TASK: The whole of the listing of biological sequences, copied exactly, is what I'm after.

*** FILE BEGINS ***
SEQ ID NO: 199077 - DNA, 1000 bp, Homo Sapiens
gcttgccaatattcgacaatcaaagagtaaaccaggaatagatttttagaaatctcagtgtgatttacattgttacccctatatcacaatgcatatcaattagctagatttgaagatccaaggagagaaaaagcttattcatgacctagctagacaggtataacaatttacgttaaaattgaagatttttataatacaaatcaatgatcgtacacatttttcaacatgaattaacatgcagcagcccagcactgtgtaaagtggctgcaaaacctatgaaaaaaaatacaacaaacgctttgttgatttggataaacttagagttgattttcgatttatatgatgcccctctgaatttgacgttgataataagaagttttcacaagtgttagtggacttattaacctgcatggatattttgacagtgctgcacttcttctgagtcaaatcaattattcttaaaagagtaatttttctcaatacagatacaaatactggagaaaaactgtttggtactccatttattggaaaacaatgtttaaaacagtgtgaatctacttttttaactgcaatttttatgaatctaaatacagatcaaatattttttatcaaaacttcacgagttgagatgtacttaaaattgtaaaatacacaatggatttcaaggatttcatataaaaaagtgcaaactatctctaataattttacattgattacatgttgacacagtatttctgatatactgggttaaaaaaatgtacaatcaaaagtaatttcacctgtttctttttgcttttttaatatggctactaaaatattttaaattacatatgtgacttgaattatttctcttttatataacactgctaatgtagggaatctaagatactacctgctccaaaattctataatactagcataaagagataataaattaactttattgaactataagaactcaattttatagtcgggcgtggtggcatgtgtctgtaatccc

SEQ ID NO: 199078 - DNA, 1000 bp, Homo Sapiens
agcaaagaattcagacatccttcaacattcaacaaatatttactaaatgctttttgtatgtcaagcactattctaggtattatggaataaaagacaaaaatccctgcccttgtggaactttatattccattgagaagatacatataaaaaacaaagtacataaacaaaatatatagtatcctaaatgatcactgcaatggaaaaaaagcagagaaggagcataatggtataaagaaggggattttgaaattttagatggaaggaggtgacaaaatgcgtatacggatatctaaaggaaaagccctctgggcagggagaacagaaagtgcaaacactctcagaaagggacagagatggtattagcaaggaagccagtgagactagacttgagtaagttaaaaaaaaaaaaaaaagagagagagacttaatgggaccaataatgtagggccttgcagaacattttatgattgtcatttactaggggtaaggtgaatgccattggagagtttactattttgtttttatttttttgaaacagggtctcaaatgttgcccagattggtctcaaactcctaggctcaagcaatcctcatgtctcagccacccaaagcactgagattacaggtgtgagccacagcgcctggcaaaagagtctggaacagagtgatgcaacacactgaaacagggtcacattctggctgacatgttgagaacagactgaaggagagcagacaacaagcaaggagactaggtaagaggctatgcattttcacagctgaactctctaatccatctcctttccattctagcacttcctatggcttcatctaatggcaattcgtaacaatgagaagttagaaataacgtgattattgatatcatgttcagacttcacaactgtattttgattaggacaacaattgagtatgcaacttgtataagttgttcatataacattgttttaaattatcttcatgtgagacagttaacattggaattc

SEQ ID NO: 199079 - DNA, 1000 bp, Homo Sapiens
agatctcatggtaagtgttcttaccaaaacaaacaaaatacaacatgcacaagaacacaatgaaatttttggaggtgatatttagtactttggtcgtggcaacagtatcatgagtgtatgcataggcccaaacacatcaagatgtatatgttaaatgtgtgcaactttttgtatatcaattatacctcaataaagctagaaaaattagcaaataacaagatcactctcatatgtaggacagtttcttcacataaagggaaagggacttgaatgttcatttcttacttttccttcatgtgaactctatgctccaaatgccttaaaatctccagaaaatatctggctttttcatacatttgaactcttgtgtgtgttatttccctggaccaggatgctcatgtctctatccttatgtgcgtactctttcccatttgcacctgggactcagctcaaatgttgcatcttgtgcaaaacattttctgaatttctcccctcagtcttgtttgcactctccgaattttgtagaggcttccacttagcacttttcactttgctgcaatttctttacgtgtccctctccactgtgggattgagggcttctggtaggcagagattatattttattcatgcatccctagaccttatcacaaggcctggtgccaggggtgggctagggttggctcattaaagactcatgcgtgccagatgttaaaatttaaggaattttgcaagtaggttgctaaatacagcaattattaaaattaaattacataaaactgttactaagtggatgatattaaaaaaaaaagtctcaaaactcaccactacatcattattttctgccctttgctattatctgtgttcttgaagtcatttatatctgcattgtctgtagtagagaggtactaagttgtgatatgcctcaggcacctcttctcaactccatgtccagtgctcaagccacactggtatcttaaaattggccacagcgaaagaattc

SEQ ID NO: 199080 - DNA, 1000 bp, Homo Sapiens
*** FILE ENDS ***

SEQ ID NO: 199077 - DNA, 1000 bp, Homo Sapiens
gcttgccaatattcgacaatcaaagagtaaaccaggaatagatttttagaaatctcagtgtgatttacattgttacccctatatcacaatgcatatcaattagctagatttgaagatccaaggagagaaaaagcttattcatgacctagctagacaggtataacaatttacgttaaaattgaagatttttataatacaaatcaatgatcgtacacatttttcaacatgaattaacatgcagcagcccagcactgtgtaaagtggctgcaaaacctatgaaaaaaaatacaacaaacgctttgttgatttggataaacttagagttgattttcgatttatatgatgcccctctgaatttgacgttgataataagaagttttcacaagtgttagtggacttattaacctgcatggatattttgacagtgctgcacttcttctgagtcaaatcaattattcttaaaagagtaatttttctcaatacagatacaaatactggagaaaaactgtttggtactccatttattggaaaacaatgtttaaaacagtgtgaatctacttttttaactgcaatttttatgaatctaaatacagatcaaatattttttatcaaaacttcacgagttgagatgtacttaaaattgtaaaatacacaatggatttcaaggatttcatataaaaaagtgcaaactatctctaataattttacattgattacatgttgacacagtatttctgatatactgggttaaaaaaatgtacaatcaaaagtaatttcacctgtttctttttgcttttttaatatggctactaaaatattttaaattacatatgtgacttgaattatttctcttttatataacactgctaatgtagggaatctaagatactacctgctccaaaattctataatactagcataaagagataataaattaactttattgaactataagaactcaattttatagtcgggcgtggtggcatgtgtctgtaatccc

SEQ ID NO: 199078 - DNA, 1000 bp, Homo Sapiens
agcaaagaattcagacatccttcaacattcaacaaatatttactaaatgctttttgtatgtcaagcactattctaggtattatggaataaaagacaaaaatccctgcccttgtggaactttatattccattgagaagatacatataaaaaacaaagtacataaacaaaatatatagtatcctaaatgatcactgcaatggaaaaaaagcagagaaggagcataatggtataaagaaggggattttgaaattttagatggaaggaggtgacaaaatgcgtatacggatatctaaaggaaaagccctctgggcagggagaacagaaagtgcaaacactctcagaaagggacagagatggtattagcaaggaagccagtgagactagacttgagtaagttaaaaaaaaaaaaaaaagagagagagacttaatgggaccaataatgtagggccttgcagaacattttatgattgtcatttactaggggtaaggtgaatgccattggagagtttactattttgtttttatttttttgaaacagggtctcaaatgttgcccagattggtctcaaactcctaggctcaagcaatcctcatgtctcagccacccaaagcactgagattacaggtgtgagccacagcgcctggcaaaagagtctggaacagagtgatgcaacacactgaaacagggtcacattctggctgacatgttgagaacagactgaaggagagcagacaacaagcaaggagactaggtaagaggctatgcattttcacagctgaactctctaatccatctcctttccattctagcacttcctatggcttcatctaatggcaattcgtaacaatgagaagttagaaataacgtgattattgatatcatgttcagacttcacaactgtattttgattaggacaacaattgagtatgcaacttgtataagttgttcatataacattgttttaaattatcttcatgtgagacagttaacattggaattc

SEQ ID NO: 199079 - DNA, 1000 bp, Homo Sapiens
agatctcatggtaagtgttcttaccaaaacaaacaaaatacaacatgcacaagaacacaatgaaatttttggaggtgatatttagtactttggtcgtggcaacagtatcatgagtgtatgcataggcccaaacacatcaagatgtatatgttaaatgtgtgcaactttttgtatatcaattatacctcaataaagctagaaaaattagcaaataacaagatcactctcatatgtaggacagtttcttcacataaagggaaagggacttgaatgttcatttcttacttttccttcatgtgaactctatgctccaaatgccttaaaatctccagaaaatatctggctttttcatacatttgaactcttgtgtgtgttatttccctggaccaggatgctcatgtctctatccttatgtgcgtactctttcccatttgcacctgggactcagctcaaatgttgcatcttgtgcaaaacattttctgaatttctcccctcagtcttgtttgcactctccgaattttgtagaggcttccacttagcacttttcactttgctgcaatttctttacgtgtccctctccactgtgggattgagggcttctggtaggcagagattatattttattcatgcatccctagaccttatcacaaggcctggtgccaggggtgggctagggttggctcattaaagactcatgcgtgccagatgttaaaatttaaggaattttgcaagtaggttgctaaatacagcaattattaaaattaaattacataaaactgttactaagtggatgatattaaaaaaaaaagtctcaaaactcaccactacatcattattttctgccctttgctattatctgtgttcttgaagtcatttatatctgcattgtctgtagtagagaggtactaagttgtgatatgcctcaggcacctcttctcaactccatgtccagtgctcaagccacactggtatcttaaaattggccacagcgaaagaattc

SEQ ID NO: 199080 - DNA, 1000 bp, Homo Sapiens